I'm Not Saying I Doubt Your History Teacher Prowess...
Sure, you could find some of these primary sources by Googling them. Sure, you could come up with a few of these lesson activities on your own. Your bright, experienced, and you know what's good for kids.
But this stuff is reeeeeally good. Like, it's a veteran history teacher's dream.
Go ahead. Give them a try. Just a peek. You'll be hooked too.
Reading Like a Historian is published by Stanford University and has primary sources embedded in short analytical and engaging activities. Instead of just asking students what a source says, they are asked deeper questions about the value of the source, the motivations of the authors, and so much more. This a better source for U.S. than for world history teachers, but what is there will elevate the conversation in your classroom. I also can't stress how interesting the sources are. Not your typical text book appendix stuff. Worth a visit and the time it takes to sign up for a free account.
Historical Scene Investigation is published by William & Mary and the University of Kentucky. The hook to this website is that students are faced with a "crime" and they have to find out who is guilty. The best way to present H.S.I. to your students is for them to go online and visit the website themselves. Even my fourteen-year-old freshmen have been able to carry out relatively complex analysis because of both the interest generated by the crime scene hook and the excellent structure provided by the lesson resources on the H.S.I. website.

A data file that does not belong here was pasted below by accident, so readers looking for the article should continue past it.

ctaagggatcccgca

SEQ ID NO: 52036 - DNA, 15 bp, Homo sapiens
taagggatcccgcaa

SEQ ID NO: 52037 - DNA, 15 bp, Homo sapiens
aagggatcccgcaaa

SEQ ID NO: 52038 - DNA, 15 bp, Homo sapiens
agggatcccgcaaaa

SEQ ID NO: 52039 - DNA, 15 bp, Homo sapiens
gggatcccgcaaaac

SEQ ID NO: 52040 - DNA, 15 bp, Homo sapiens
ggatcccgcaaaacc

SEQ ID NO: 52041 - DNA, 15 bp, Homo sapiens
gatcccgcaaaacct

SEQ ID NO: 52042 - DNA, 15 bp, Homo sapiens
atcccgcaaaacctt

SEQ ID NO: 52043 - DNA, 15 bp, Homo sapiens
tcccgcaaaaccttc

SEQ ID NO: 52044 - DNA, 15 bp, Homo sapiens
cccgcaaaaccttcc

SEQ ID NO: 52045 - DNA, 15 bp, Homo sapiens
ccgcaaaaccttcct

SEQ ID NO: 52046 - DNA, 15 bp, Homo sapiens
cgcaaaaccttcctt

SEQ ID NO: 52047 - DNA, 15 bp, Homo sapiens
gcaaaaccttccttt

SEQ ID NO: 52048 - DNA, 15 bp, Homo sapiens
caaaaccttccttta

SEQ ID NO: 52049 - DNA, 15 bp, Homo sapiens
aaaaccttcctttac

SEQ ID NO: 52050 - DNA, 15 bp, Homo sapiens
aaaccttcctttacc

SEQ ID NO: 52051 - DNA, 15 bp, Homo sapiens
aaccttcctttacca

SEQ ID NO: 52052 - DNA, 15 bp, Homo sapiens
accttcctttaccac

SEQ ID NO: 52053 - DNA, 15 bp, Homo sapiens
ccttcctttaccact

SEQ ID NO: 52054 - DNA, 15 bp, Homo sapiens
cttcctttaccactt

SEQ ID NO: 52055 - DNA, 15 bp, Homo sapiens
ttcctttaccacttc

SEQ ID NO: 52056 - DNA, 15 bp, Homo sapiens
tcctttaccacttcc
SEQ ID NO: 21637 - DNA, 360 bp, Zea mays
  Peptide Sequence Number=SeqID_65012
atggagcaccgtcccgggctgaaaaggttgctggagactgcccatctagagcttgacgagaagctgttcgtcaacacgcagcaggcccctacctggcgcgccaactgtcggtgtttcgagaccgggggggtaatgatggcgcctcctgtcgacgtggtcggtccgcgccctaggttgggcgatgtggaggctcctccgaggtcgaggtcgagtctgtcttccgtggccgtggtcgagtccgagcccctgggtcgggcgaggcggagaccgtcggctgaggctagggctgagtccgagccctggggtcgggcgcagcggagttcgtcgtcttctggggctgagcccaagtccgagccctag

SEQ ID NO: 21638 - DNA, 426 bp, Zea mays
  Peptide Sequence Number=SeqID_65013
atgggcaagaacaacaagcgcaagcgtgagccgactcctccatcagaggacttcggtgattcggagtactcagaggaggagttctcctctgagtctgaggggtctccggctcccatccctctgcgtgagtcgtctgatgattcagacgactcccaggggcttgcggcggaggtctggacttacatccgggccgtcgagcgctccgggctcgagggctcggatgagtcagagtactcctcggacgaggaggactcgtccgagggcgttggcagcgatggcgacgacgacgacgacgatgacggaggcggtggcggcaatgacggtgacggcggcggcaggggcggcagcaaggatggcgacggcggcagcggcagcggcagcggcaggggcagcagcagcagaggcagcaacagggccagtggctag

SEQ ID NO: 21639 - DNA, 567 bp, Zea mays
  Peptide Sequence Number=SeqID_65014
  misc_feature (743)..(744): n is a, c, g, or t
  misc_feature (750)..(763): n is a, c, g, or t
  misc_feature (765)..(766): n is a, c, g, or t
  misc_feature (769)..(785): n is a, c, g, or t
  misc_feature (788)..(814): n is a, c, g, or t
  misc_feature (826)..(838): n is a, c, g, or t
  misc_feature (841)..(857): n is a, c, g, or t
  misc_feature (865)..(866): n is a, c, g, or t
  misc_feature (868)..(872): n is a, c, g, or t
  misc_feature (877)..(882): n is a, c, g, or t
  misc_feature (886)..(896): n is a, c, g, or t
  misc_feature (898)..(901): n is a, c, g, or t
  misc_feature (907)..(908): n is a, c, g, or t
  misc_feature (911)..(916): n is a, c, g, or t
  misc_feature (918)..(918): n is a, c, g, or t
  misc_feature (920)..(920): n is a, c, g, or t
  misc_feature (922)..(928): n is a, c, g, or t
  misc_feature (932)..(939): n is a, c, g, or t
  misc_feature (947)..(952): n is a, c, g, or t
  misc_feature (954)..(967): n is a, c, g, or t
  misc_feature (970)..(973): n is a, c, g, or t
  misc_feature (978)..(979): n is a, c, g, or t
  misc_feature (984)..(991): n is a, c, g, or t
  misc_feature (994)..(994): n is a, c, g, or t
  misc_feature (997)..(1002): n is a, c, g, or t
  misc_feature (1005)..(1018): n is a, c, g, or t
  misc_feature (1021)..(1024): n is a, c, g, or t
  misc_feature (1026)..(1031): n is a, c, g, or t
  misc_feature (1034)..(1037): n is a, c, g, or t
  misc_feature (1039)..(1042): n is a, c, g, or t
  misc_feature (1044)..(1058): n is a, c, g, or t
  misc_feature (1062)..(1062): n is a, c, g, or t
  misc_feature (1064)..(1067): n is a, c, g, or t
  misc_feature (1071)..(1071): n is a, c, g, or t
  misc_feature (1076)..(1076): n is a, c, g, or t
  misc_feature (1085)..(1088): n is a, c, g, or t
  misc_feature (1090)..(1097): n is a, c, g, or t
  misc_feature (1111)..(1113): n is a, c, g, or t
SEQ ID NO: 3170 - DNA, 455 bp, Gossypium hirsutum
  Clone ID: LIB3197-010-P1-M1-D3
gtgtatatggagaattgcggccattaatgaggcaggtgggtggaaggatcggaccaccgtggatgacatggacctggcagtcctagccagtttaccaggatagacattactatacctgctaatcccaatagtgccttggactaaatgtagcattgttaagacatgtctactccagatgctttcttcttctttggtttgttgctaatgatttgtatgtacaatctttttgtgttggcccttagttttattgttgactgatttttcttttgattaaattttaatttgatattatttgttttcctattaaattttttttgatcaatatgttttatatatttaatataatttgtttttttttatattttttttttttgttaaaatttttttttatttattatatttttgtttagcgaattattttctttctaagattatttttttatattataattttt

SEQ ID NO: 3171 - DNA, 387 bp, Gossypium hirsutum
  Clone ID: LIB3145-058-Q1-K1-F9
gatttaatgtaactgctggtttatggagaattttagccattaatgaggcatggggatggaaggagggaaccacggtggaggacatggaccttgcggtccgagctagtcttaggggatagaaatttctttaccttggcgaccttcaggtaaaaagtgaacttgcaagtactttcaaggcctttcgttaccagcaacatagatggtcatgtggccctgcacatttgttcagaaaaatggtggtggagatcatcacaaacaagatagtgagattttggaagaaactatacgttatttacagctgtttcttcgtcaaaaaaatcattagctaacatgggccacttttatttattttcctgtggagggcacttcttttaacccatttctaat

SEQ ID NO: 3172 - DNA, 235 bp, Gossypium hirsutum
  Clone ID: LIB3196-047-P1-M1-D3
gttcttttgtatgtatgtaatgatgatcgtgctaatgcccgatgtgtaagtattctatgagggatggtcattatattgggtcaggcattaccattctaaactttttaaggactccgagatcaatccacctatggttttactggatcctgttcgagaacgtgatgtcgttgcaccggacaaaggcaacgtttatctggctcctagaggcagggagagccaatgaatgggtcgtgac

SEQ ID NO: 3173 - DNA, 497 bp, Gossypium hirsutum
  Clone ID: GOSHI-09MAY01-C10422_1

The Library of Congress Teacher Resources page provides lesson plans, primary source sets, activities, presentations, and a lot more. Their boundless resources are searchable by Common Core standard and historical era, but my favorite way to look is just browsing. I always end up bookmarking for future units. The primary sources are without compare. I don't always love the lesson plans, but with a little tweaking they are engaging and powerful.
The Gilder Lehrman Collection contains rare and interesting sources with excellent contextual information and questions that will make your students consider uncommon perspectives. I'm looking forward to using Bartolome de Las Casas pamphlet on the subjugation of Native Americans by the Spanish colonial settlers from 1550 with my freshmen classes later this fall. Create a free account. Explore. You won't regret it.
For real. While your catching up on Boardwalk Empire/Game of Thrones/Mad Men on your DVR on the couch tomorrow night, browse these sites. You might just re-plan your next unit!
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